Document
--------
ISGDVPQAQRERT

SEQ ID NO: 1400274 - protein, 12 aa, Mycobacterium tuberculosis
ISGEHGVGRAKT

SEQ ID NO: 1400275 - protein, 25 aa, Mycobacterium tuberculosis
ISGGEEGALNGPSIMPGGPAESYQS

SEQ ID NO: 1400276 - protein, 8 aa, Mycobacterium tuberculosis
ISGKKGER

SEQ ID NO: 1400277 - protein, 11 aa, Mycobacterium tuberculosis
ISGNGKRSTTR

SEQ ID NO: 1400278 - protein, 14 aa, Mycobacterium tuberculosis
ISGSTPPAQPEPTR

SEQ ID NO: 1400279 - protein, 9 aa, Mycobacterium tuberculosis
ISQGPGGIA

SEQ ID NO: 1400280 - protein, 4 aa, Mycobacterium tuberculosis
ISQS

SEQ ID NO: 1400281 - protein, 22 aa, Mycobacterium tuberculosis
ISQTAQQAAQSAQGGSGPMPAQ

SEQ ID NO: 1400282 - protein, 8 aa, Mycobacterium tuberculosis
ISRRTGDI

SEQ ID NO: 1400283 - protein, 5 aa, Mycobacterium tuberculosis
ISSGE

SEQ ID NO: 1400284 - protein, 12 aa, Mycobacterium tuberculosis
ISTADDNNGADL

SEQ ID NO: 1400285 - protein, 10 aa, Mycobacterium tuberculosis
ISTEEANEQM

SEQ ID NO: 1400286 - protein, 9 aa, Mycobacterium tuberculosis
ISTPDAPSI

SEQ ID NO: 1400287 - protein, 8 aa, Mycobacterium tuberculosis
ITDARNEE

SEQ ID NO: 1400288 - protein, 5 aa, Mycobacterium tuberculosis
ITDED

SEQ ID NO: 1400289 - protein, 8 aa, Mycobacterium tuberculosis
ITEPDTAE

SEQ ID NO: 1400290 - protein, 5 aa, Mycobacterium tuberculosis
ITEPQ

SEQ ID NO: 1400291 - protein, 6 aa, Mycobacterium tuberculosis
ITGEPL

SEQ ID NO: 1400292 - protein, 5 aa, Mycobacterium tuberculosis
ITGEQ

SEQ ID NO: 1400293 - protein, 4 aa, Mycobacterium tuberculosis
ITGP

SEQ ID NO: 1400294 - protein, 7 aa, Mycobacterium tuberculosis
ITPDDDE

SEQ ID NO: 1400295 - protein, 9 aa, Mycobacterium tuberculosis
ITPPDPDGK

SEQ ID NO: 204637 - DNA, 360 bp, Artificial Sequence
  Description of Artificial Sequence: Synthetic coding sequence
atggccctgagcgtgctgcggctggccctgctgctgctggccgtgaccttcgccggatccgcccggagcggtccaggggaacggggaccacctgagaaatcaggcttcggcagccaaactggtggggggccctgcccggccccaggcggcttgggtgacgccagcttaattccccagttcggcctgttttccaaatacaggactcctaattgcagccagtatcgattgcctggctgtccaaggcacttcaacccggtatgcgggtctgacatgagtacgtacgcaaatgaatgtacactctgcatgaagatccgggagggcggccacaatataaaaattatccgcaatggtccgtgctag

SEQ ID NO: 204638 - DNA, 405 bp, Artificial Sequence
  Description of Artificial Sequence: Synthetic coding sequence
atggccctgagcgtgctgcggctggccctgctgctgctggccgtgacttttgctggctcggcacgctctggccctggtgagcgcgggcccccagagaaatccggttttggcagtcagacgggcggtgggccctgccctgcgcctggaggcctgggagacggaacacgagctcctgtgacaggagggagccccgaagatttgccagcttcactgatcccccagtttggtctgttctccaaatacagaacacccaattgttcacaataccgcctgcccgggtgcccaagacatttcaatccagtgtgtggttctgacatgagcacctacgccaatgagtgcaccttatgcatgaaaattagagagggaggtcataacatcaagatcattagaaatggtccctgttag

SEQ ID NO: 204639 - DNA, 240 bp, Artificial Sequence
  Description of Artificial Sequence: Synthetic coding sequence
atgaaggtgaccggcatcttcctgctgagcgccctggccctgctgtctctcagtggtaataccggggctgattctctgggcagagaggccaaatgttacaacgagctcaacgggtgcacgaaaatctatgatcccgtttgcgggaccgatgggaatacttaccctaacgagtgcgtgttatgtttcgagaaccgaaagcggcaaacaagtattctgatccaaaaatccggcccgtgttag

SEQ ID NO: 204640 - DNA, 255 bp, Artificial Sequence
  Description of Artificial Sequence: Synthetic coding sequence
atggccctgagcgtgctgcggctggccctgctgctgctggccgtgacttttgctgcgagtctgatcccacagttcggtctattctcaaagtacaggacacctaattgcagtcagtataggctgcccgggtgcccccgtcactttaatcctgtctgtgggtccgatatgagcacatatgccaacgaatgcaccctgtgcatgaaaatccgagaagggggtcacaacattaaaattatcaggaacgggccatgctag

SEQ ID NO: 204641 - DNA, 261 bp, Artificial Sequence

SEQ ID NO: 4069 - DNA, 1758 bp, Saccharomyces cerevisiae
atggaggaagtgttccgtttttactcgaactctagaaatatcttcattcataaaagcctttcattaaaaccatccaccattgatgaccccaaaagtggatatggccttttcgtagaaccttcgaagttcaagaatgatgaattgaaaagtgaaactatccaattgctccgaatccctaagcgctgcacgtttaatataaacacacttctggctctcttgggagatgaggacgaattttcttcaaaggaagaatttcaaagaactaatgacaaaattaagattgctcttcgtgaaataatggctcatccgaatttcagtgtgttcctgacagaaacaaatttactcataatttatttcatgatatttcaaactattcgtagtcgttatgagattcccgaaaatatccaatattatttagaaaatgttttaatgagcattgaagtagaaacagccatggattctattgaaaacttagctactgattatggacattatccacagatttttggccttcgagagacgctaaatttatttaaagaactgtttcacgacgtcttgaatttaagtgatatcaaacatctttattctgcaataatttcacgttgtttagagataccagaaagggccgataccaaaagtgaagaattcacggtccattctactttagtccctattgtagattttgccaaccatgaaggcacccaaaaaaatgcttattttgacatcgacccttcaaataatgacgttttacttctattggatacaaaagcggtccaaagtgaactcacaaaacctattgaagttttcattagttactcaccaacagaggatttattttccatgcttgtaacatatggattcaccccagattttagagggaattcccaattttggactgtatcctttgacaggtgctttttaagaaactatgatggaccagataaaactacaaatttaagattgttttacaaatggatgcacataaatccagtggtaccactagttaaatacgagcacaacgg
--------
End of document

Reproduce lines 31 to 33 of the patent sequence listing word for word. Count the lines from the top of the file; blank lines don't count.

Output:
ITDED

SEQ ID NO: 1400289 - protein, 8 aa, Mycobacterium tuberculosis
ITEPDTAE